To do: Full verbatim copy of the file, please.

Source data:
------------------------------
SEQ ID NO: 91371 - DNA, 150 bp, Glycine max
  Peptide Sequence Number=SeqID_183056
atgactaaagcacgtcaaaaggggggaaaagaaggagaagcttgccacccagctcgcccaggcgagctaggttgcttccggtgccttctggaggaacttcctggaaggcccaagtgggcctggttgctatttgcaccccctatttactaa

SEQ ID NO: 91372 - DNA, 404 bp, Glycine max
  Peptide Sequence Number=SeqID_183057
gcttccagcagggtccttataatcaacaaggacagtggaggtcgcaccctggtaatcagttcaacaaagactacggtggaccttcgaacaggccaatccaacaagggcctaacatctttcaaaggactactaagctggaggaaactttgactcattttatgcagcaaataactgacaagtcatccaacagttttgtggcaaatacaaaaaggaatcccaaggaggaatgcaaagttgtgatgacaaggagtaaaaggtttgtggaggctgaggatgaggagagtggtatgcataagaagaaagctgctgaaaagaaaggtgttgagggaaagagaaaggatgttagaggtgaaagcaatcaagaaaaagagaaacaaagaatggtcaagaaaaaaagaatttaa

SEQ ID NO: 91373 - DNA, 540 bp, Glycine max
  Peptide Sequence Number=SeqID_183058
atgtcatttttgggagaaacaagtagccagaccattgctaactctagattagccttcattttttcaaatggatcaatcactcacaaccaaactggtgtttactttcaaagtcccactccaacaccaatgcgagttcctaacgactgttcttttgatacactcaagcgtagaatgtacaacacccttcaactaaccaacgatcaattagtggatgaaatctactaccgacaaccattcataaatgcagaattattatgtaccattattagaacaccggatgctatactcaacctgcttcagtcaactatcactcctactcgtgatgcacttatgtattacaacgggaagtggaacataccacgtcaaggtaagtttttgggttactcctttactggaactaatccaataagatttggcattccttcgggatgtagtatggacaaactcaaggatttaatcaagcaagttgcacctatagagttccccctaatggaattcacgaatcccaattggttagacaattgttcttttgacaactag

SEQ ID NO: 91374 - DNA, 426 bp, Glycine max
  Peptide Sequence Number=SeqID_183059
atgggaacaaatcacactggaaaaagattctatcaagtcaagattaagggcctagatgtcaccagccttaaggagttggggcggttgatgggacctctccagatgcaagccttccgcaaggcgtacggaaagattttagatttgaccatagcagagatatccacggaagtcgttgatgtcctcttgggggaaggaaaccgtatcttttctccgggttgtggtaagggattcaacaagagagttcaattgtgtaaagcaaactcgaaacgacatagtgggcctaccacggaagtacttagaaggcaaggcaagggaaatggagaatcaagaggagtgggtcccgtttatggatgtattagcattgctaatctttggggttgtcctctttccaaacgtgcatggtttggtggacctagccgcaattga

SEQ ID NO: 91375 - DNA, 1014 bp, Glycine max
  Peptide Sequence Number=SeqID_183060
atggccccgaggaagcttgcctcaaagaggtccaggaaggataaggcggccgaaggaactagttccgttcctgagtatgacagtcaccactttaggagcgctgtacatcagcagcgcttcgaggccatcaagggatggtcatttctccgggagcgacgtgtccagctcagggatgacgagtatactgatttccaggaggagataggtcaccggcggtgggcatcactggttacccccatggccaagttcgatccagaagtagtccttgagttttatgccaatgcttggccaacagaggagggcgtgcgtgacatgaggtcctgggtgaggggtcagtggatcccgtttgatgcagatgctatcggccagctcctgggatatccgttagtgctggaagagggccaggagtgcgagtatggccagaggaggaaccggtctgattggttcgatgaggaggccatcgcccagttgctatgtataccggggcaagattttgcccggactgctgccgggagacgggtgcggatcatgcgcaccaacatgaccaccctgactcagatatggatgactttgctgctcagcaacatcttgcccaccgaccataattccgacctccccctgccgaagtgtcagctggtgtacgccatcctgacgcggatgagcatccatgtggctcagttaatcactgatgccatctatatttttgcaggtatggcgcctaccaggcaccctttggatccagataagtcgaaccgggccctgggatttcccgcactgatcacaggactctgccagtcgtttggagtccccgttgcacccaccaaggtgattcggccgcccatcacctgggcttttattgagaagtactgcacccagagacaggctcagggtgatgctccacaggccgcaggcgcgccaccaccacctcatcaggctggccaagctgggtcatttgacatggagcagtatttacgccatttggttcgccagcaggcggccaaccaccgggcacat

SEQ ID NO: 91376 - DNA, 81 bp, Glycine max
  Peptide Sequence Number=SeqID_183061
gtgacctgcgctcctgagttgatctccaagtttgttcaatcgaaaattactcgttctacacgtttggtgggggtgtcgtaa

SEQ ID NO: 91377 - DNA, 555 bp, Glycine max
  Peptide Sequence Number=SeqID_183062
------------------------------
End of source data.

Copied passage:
SEQ ID NO: 91371 - DNA, 150 bp, Glycine max
  Peptide Sequence Number=SeqID_183056
atgactaaagcacgtcaaaaggggggaaaagaaggagaagcttgccacccagctcgcccaggcgagctaggttgcttccggtgccttctggaggaacttcctggaaggcccaagtgggcctggttgctatttgcaccccctatttactaa

SEQ ID NO: 91372 - DNA, 404 bp, Glycine max
  Peptide Sequence Number=SeqID_183057
gcttccagcagggtccttataatcaacaaggacagtggaggtcgcaccctggtaatcagttcaacaaagactacggtggaccttcgaacaggccaatccaacaagggcctaacatctttcaaaggactactaagctggaggaaactttgactcattttatgcagcaaataactgacaagtcatccaacagttttgtggcaaatacaaaaaggaatcccaaggaggaatgcaaagttgtgatgacaaggagtaaaaggtttgtggaggctgaggatgaggagagtggtatgcataagaagaaagctgctgaaaagaaaggtgttgagggaaagagaaaggatgttagaggtgaaagcaatcaagaaaaagagaaacaaagaatggtcaagaaaaaaagaatttaa

SEQ ID NO: 91373 - DNA, 540 bp, Glycine max
  Peptide Sequence Number=SeqID_183058
atgtcatttttgggagaaacaagtagccagaccattgctaactctagattagccttcattttttcaaatggatcaatcactcacaaccaaactggtgtttactttcaaagtcccactccaacaccaatgcgagttcctaacgactgttcttttgatacactcaagcgtagaatgtacaacacccttcaactaaccaacgatcaattagtggatgaaatctactaccgacaaccattcataaatgcagaattattatgtaccattattagaacaccggatgctatactcaacctgcttcagtcaactatcactcctactcgtgatgcacttatgtattacaacgggaagtggaacataccacgtcaaggtaagtttttgggttactcctttactggaactaatccaataagatttggcattccttcgggatgtagtatggacaaactcaaggatttaatcaagcaagttgcacctatagagttccccctaatggaattcacgaatcccaattggttagacaattgttcttttgacaactag

SEQ ID NO: 91374 - DNA, 426 bp, Glycine max
  Peptide Sequence Number=SeqID_183059
atgggaacaaatcacactggaaaaagattctatcaagtcaagattaagggcctagatgtcaccagccttaaggagttggggcggttgatgggacctctccagatgcaagccttccgcaaggcgtacggaaagattttagatttgaccatagcagagatatccacggaagtcgttgatgtcctcttgggggaaggaaaccgtatcttttctccgggttgtggtaagggattcaacaagagagttcaattgtgtaaagcaaactcgaaacgacatagtgggcctaccacggaagtacttagaaggcaaggcaagggaaatggagaatcaagaggagtgggtcccgtttatggatgtattagcattgctaatctttggggttgtcctctttccaaacgtgcatggtttggtggacctagccgcaattga

SEQ ID NO: 91375 - DNA, 1014 bp, Glycine max
  Peptide Sequence Number=SeqID_183060
atggccccgaggaagcttgcctcaaagaggtccaggaaggataaggcggccgaaggaactagttccgttcctgagtatgacagtcaccactttaggagcgctgtacatcagcagcgcttcgaggccatcaagggatggtcatttctccgggagcgacgtgtccagctcagggatgacgagtatactgatttccaggaggagataggtcaccggcggtgggcatcactggttacccccatggccaagttcgatccagaagtagtccttgagttttatgccaatgcttggccaacagaggagggcgtgcgtgacatgaggtcctgggtgaggggtcagtggatcccgtttgatgcagatgctatcggccagctcctgggatatccgttagtgctggaagagggccaggagtgcgagtatggccagaggaggaaccggtctgattggttcgatgaggaggccatcgcccagttgctatgtataccggggcaagattttgcccggactgctgccgggagacgggtgcggatcatgcgcaccaacatgaccaccctgactcagatatggatgactttgctgctcagcaacatcttgcccaccgaccataattccgacctccccctgccgaagtgtcagctggtgtacgccatcctgacgcggatgagcatccatgtggctcagttaatcactgatgccatctatatttttgcaggtatggcgcctaccaggcaccctttggatccagataagtcgaaccgggccctgggatttcccgcactgatcacaggactctgccagtcgtttggagtccccgttgcacccaccaaggtgattcggccgcccatcacctgggcttttattgagaagtactgcacccagagacaggctcagggtgatgctccacaggccgcaggcgcgccaccaccacctcatcaggctggccaagctgggtcatttgacatggagcagtatttacgccatttggttcgccagcaggcggccaaccaccgggcacat

SEQ ID NO: 91376 - DNA, 81 bp, Glycine max
  Peptide Sequence Number=SeqID_183061
gtgacctgcgctcctgagttgatctccaagtttgttcaatcgaaaattactcgttctacacgtttggtgggggtgtcgtaa

SEQ ID NO: 91377 - DNA, 555 bp, Glycine max
  Peptide Sequence Number=SeqID_183062